Predictors of academic performance in a cohort of pre-registration nursing students

Margaret McCarey, Tony Barr, Janice Rattray

    Research output: Contribution to journalArticlepeer-review

    70 Citations (Scopus)


    The recruitment, selection and retention of nursing students have become crucial in securing the future workforce required by the NHS. Concerns regarding the academic performance of what is a changing student profile led to an audit being performed to explore the predictive relationship between entry qualifications, age, gender, attendance and academic performance in a cohort of pre-registration Diploma of Nursing students. Data was collated from a cohort of 154 students. Statistical analysis demonstrated that students with higher level entry qualifications performed consistently better than those with lower level qualifications. Mature students, over the age of 26, achieved better average marks in coursework and examinations that their younger peers. Year 1 performance predicted year 3 performance in both examinations and assignments. Non-attendance was shown to have an impact on academic performance with a correlation existing between high absenteeism and poor academic achievement. The findings highlight interesting issues for nurse educators relating to academic student support particularly in first year; recruitment and selection of the most suitable candidates; absenteeism monitoring and curriculum design.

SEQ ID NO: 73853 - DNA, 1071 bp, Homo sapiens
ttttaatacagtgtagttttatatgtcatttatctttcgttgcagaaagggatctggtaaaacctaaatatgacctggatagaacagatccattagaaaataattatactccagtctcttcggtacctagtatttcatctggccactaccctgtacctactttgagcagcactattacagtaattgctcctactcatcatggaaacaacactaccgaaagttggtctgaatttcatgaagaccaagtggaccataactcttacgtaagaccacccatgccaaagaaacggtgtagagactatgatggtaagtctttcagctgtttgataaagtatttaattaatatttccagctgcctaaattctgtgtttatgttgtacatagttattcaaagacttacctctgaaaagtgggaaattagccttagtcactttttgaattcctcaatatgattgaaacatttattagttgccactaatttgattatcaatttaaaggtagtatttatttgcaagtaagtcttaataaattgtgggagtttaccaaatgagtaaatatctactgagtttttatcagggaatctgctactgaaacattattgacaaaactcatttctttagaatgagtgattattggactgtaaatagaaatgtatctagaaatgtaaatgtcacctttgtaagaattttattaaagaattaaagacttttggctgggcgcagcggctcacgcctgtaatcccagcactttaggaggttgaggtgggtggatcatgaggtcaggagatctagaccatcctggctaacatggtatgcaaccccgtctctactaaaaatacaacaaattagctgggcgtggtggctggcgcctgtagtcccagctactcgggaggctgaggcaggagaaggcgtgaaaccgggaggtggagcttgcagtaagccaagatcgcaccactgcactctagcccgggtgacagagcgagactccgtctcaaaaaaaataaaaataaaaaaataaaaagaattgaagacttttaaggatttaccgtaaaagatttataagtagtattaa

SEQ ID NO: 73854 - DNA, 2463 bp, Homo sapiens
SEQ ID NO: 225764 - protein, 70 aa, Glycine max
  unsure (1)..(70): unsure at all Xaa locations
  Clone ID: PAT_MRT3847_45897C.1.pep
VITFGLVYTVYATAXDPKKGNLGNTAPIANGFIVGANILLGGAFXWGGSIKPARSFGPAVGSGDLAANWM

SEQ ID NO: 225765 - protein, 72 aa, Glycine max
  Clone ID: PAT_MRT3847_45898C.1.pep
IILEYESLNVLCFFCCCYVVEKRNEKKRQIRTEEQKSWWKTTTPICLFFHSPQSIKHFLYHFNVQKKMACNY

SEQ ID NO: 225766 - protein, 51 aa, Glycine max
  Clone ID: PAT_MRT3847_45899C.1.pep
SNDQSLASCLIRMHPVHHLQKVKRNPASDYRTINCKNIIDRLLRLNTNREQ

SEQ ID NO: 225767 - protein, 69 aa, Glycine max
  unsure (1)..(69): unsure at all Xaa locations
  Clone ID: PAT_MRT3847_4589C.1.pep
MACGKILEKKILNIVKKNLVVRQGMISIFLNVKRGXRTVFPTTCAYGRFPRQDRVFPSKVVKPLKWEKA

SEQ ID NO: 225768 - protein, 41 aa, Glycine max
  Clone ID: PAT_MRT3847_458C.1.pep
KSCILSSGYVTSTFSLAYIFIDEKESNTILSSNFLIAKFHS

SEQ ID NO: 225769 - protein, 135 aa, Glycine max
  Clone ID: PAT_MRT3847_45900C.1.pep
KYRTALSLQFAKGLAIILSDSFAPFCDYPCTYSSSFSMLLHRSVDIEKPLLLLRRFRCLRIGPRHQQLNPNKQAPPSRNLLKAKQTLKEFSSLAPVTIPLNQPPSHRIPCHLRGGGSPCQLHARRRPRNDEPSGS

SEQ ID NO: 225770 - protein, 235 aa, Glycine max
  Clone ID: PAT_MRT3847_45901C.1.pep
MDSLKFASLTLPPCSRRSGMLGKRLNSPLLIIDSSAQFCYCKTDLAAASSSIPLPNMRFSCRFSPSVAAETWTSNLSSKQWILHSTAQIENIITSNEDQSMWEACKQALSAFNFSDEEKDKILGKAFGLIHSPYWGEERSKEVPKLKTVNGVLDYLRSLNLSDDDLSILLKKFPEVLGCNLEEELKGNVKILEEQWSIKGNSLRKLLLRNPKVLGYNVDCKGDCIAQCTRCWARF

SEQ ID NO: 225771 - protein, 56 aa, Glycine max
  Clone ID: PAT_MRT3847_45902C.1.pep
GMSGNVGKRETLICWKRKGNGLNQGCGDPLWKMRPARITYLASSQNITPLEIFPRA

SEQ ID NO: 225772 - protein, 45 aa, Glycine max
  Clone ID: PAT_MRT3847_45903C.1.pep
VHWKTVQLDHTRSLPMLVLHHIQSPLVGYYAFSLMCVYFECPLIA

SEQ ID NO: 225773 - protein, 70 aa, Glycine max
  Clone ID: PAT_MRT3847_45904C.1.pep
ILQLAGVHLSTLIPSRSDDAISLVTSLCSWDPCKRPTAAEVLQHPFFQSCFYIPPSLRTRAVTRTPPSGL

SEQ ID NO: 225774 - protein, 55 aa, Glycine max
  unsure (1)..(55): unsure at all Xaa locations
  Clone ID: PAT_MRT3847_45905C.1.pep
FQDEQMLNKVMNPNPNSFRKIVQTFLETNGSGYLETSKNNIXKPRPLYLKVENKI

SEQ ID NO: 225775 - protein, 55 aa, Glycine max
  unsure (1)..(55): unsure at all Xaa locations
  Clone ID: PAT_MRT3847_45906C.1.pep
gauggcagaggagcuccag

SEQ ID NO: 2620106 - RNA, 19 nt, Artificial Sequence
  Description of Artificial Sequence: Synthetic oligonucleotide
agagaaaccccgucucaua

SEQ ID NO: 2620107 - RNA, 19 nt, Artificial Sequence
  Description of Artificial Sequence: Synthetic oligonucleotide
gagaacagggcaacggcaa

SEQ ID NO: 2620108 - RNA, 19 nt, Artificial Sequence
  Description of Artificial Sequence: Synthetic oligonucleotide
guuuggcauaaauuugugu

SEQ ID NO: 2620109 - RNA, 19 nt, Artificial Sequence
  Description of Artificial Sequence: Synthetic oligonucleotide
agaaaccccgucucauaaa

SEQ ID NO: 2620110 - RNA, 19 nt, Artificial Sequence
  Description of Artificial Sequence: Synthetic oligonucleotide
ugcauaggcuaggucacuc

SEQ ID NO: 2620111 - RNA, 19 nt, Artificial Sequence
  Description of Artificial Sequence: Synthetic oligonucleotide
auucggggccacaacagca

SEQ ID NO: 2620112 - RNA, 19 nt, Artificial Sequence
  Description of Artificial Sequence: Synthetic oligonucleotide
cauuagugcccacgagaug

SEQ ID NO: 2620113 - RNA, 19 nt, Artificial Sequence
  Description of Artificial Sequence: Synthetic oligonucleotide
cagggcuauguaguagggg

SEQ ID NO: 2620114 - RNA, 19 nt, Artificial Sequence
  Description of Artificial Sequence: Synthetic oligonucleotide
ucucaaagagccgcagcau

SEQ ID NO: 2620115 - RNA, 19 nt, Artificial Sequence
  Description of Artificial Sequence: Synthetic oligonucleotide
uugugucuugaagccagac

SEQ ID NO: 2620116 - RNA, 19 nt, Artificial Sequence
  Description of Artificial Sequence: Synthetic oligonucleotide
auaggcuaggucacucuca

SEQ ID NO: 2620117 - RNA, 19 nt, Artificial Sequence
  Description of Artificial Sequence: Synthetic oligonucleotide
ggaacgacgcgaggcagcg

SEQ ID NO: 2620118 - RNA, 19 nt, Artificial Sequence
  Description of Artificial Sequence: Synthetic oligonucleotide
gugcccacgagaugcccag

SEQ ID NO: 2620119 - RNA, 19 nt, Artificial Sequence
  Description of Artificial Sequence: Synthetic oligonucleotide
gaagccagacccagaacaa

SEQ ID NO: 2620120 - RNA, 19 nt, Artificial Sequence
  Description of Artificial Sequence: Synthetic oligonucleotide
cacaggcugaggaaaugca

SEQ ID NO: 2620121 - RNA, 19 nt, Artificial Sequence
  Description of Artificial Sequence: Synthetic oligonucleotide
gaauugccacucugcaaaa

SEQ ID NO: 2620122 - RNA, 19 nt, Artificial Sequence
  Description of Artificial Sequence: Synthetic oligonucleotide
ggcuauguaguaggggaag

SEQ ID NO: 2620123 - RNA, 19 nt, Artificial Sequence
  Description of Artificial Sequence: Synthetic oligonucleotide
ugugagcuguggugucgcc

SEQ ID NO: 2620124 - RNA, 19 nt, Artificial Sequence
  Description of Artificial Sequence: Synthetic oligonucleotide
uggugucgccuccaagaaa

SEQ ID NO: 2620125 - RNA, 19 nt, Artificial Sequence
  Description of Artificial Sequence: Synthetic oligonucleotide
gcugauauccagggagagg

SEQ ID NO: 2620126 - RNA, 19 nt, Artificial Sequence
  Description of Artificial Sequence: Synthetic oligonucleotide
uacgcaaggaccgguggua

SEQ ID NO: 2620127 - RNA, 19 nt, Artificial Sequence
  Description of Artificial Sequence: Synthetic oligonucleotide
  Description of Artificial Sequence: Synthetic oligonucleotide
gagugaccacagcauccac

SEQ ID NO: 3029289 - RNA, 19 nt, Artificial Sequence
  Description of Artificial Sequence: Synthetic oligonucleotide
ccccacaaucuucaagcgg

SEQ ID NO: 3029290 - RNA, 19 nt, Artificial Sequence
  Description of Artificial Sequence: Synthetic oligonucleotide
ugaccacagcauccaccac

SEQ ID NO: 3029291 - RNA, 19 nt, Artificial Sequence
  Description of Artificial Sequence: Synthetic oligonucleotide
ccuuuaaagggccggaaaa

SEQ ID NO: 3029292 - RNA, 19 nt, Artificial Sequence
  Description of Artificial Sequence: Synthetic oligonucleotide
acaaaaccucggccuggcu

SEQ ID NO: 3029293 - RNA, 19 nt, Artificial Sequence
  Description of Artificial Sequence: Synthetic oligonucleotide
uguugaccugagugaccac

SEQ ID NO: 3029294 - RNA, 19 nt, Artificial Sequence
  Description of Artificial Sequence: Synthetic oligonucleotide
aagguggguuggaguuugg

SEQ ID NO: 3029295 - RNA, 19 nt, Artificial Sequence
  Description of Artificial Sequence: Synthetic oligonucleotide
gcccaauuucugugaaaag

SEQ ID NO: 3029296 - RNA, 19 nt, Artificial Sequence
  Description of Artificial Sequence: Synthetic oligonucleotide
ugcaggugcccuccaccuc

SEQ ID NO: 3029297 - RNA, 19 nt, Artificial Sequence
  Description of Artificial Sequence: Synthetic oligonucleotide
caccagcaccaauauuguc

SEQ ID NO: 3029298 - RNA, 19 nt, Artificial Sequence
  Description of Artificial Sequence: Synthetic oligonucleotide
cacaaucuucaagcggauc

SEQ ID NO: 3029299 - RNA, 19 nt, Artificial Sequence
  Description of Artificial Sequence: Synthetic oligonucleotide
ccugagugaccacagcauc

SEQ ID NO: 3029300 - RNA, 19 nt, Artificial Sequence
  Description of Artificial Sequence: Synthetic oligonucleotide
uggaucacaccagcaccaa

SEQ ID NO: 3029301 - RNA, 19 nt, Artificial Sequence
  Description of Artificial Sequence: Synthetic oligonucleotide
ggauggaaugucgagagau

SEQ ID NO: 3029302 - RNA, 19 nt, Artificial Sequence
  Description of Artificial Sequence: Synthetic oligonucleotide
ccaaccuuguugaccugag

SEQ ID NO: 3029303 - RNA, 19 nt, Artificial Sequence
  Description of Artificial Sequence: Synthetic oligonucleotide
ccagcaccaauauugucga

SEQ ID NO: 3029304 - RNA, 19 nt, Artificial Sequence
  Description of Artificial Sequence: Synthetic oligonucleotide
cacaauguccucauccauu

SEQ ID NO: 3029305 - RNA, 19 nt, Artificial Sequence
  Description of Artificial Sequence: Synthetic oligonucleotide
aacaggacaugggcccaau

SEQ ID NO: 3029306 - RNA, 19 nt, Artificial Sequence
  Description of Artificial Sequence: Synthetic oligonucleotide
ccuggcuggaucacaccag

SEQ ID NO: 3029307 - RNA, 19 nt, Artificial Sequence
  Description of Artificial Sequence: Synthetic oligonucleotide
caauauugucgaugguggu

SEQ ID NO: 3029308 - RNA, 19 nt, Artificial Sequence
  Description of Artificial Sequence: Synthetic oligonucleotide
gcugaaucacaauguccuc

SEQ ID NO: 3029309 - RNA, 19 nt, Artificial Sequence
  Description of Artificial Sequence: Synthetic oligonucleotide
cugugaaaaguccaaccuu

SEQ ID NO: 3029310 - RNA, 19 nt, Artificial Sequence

Original languageEnglish
    Pages (from-to)357-364
    Number of pages8
    JournalNurse Education Today
    Issue number4
    Publication statusPublished - May 2007


    • Predictors
    • Academic performance
    • Nursing students


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